There’s no alcohol either.
Petronella advises aiming for 100-120g of protein and equal weigh of vegetables with each meal. Stopping midway through to eat an apple.
Phase 3: Burn
10 weeks of a continuation of phase two, with the addition of 1tbsp olive oil with each meal and a weekly treat meal, this can include an indulgent takeaway or roast dinner and even a glass of wine.
Dieters will be eating around 1,200 calories a day, and will have to adopt a 16:8 diet – meaning you fast for 16 hours a day an only eat for eight hours.
Phase 4: Forever
A continuation of phase three and a discovery of which foods best suit us.
Experimenting with extra treat meals but maintaining the HBD principles.
Petronella studied at Institute for Optimum Nutrition in London, the Natura Foundation and The Institute for Functional Medicine and names many naturopaths among her biggest influences.
She says she’s inspired by ‘the body’s innate healing power’.
Writing on her website she claims: ‘I am inspired by the massive changes in health that occur with changes in nutrition and how the body affects the mind and vice versa.
‘And I’m always inspired by the people who come to see me who are ready for change. ‘
Her diet rules for her own life include ‘eat food as close to nature as possible’ and ‘if you have to process it any way leave it’.
She adds if you can ‘hunt it or fish it, eat it’ and that ‘food with a shelf life has no life, avoid it’.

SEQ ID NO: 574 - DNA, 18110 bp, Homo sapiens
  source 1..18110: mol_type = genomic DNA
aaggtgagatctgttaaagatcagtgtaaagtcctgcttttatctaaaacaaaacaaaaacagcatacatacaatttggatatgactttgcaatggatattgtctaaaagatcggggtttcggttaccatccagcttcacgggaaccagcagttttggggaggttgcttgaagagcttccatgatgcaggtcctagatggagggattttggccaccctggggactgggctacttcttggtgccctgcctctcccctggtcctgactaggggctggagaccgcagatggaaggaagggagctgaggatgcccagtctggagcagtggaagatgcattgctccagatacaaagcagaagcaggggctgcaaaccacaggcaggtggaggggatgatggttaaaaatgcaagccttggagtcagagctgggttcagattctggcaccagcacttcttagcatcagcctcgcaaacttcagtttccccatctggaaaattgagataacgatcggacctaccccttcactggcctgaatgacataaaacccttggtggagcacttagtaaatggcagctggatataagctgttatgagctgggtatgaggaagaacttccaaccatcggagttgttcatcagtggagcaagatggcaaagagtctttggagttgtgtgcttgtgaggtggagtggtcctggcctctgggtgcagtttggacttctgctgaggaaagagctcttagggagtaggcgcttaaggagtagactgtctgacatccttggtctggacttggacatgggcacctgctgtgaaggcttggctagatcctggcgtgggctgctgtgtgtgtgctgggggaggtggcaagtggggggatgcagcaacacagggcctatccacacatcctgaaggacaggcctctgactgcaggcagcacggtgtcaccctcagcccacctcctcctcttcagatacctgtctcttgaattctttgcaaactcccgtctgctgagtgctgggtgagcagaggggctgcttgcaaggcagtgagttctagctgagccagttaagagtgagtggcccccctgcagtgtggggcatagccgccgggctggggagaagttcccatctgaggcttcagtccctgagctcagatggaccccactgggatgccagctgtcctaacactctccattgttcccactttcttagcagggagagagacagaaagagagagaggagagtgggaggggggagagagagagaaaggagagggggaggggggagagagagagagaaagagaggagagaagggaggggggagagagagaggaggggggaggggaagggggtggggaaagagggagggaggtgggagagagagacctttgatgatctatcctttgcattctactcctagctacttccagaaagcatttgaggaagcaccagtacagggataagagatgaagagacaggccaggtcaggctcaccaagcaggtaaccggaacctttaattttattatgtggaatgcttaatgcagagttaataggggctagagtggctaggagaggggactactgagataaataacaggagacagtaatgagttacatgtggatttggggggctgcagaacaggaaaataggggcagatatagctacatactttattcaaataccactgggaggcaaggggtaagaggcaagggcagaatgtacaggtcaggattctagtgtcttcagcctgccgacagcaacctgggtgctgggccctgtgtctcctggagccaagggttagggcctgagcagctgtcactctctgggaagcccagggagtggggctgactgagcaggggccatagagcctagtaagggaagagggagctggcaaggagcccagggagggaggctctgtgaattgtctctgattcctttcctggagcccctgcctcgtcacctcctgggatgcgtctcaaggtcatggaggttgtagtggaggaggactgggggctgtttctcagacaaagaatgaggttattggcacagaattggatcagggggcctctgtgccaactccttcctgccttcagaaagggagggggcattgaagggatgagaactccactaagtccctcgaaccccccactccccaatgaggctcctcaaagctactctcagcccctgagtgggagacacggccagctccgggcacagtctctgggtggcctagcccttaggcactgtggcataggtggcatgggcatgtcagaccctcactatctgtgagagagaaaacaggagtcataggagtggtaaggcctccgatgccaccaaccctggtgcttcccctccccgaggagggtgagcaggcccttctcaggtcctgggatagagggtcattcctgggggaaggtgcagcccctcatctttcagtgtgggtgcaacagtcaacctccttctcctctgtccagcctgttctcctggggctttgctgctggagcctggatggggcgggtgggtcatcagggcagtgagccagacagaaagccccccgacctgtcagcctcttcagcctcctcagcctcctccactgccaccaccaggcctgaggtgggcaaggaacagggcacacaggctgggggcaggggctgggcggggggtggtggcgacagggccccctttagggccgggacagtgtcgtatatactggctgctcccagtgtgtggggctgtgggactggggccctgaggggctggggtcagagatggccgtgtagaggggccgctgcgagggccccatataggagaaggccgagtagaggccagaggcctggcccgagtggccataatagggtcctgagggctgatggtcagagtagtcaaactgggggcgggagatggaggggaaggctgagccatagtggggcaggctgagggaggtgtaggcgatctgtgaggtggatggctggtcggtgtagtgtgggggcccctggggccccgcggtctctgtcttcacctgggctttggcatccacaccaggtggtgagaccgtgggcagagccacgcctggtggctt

She’s also popular with others in the field, and holds quarterly meetings for nutrition experts in London to discuss new research and share case studies and in an interview with Sheer Luxe she said she’s ‘on speed dial for A-listers and fashion editors alike’.
Her other advice includes always leaving five hours between meals and admits that she sometimes fasts for 24 hours.
‘This is a challenge, but it’s also incredibly energising. Of course, food gives us energy, but it also takes energy to digest and absorb food,’ she claims.
While her rules with herself are strict, she does drink alcohol, but abstains for three months of the year, and says that ‘apple cider vinegar with sparkling water’ is a great substitute for wine.
Speaking to the Times, Petronella said that she wrote the self-published book as ‘not everyone could afford’ to come to her ‘booked out clinic’ in Chelsea.
‘Not everyone can afford private nutrition consultations and appointments at my Chelsea clinic were permanently full, so I wanted to get the word out there,’
‘The response has been phenomenal as people discover the diet works for them.’
‘For a lot of people it’s a case of having to re-establish better nutritional balance: weight loss is one of the side effects of that, but overwhelmingly people tell me that once they have adopted the diet they sleep better, have a healthier complexion, lower levels of stress and that they are rejuvenated, bouncing out of bed ready to tackle the day.’
While many on social media have praised the diet, saying it’s seen them lose weight and feel healthier, others have said it’s dangerous to advice people to eat just 600 calories a day.
Women on average need 1,600 – 2,400 calories a day – depending on their height, weight and exercise levels, while men need between 2,000 and 3,000 on average.
The NHS recommends men aim for 1,900 calories a day for weight loss, while women eat around 1,400 – and that very low calorie diets (under 800 calories) are not suitable for most people.
While very low calorie diets can lead to short term weight loss, it is likely that the weight will come back on after the diet ends and they can lead to hair thinning, low energy, headaches and dizziness.